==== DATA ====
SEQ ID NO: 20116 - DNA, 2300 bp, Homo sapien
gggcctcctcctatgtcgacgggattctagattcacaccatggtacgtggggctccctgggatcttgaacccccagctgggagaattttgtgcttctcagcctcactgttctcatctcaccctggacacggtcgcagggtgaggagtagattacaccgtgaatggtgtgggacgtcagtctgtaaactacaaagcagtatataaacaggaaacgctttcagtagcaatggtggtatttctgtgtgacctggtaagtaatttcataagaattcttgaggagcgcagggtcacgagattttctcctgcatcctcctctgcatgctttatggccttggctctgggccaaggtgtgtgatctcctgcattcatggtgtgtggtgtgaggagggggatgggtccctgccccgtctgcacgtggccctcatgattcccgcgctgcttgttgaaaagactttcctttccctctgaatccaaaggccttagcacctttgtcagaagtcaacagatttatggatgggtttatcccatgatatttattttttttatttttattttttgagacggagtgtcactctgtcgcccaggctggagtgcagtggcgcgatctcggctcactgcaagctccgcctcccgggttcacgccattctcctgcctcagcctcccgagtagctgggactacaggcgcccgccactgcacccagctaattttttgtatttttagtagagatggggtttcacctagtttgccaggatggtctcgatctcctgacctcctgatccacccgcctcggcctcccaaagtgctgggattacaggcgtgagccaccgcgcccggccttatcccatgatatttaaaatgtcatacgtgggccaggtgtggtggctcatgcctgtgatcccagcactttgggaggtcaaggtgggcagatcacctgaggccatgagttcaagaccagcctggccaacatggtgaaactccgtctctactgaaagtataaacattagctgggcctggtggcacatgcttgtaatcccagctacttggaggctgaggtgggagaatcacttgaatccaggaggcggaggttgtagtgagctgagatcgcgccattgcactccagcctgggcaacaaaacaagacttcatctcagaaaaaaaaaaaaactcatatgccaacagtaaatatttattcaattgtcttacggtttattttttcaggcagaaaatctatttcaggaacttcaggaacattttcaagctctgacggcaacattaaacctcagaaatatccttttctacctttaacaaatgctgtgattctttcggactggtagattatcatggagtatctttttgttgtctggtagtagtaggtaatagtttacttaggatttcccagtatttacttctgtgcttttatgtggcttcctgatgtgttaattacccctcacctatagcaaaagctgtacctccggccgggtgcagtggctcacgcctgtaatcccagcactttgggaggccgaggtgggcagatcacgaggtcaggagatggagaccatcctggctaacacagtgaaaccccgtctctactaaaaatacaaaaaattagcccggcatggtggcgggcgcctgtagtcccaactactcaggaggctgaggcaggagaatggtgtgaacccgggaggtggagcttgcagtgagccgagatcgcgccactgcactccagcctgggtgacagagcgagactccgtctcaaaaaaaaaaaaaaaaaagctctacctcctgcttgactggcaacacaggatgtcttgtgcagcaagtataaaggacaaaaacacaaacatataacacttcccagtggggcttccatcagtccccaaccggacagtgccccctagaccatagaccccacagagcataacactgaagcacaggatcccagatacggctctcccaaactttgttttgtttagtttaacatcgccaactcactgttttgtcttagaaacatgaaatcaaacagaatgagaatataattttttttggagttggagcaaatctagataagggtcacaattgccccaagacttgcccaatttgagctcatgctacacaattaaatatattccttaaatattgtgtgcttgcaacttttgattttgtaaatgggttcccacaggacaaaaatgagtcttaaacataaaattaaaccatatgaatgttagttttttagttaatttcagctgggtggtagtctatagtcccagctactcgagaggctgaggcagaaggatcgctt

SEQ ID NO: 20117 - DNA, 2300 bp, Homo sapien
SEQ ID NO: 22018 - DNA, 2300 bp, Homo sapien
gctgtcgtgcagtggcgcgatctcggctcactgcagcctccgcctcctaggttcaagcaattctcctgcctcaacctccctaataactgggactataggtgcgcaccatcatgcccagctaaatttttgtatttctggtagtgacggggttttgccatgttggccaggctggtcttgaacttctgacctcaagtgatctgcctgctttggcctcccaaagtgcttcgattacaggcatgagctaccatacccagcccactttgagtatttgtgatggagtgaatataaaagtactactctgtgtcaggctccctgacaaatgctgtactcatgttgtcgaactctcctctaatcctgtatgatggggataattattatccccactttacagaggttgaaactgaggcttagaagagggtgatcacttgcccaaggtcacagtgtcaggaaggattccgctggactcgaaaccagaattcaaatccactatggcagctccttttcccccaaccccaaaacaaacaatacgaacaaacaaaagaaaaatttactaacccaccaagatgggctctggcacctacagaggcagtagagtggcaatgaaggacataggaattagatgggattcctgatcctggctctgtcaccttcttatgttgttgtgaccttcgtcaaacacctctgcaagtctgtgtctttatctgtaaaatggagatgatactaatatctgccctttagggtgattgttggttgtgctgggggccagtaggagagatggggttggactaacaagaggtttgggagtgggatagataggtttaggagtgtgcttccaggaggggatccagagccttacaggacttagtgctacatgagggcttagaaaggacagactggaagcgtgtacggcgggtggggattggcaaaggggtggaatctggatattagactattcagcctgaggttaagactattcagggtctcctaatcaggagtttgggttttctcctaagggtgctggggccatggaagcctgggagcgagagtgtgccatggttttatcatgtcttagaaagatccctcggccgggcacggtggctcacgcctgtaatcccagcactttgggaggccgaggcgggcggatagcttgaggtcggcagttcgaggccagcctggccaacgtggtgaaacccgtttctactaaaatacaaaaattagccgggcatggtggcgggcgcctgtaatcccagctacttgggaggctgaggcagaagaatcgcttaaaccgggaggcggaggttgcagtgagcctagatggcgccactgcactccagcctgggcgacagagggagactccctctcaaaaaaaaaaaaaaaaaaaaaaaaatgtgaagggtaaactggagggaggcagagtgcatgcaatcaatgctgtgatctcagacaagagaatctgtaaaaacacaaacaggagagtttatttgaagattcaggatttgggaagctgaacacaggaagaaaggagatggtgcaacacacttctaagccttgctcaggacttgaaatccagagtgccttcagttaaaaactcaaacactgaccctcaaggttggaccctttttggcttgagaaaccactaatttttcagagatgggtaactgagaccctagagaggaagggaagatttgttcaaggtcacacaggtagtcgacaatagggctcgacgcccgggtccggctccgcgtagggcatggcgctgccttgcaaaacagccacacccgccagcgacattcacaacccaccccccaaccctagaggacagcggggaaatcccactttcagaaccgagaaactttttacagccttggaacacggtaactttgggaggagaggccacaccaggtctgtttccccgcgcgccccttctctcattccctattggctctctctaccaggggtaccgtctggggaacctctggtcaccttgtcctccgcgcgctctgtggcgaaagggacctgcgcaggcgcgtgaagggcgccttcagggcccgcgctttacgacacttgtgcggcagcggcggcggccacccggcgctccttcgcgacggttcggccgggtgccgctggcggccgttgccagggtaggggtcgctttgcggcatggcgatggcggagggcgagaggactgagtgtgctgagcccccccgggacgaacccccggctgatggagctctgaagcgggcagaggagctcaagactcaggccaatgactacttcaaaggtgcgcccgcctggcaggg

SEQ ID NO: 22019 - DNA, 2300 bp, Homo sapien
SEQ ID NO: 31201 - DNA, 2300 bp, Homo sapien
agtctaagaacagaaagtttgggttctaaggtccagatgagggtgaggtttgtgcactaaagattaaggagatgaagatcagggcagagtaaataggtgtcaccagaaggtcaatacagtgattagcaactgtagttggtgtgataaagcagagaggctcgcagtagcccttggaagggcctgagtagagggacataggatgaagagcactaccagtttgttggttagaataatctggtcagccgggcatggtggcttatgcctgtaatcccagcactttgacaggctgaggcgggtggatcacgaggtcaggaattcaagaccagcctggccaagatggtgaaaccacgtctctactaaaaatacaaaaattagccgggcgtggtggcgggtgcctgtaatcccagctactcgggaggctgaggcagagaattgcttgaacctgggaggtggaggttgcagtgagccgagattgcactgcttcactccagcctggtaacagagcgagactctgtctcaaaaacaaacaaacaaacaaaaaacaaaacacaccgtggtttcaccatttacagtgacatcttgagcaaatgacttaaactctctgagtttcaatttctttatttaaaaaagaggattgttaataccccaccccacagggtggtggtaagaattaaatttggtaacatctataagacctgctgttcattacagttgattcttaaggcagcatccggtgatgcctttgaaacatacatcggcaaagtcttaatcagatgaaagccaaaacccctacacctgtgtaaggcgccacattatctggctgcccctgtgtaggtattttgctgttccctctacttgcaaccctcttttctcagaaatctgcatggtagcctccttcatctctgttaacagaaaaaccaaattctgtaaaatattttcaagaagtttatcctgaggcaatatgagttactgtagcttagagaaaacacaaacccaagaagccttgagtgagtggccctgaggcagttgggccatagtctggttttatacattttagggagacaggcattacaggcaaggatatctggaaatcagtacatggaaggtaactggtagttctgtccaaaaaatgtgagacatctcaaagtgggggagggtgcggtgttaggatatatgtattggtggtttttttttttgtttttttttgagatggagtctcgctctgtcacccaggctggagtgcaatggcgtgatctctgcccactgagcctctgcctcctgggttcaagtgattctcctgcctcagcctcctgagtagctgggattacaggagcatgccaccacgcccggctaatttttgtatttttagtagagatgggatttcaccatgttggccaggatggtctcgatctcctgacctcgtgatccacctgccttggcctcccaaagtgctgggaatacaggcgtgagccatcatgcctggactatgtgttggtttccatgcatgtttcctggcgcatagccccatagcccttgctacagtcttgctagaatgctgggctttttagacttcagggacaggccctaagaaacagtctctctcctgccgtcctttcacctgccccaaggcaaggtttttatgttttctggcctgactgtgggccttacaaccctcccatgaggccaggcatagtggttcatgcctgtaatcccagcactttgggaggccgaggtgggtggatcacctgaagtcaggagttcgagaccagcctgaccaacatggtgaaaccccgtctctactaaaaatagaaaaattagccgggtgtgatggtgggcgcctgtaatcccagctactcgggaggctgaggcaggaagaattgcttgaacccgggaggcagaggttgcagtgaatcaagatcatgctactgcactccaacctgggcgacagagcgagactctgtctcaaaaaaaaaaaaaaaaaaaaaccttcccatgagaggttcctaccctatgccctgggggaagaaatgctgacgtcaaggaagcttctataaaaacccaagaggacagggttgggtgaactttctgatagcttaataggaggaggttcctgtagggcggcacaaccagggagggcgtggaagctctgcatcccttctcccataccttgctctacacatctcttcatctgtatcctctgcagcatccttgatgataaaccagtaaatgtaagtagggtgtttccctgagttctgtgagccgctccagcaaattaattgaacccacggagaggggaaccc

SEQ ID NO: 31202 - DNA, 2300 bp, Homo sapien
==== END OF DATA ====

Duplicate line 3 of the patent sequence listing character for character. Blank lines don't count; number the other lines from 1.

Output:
SEQ ID NO: 20117 - DNA, 2300 bp, Homo sapien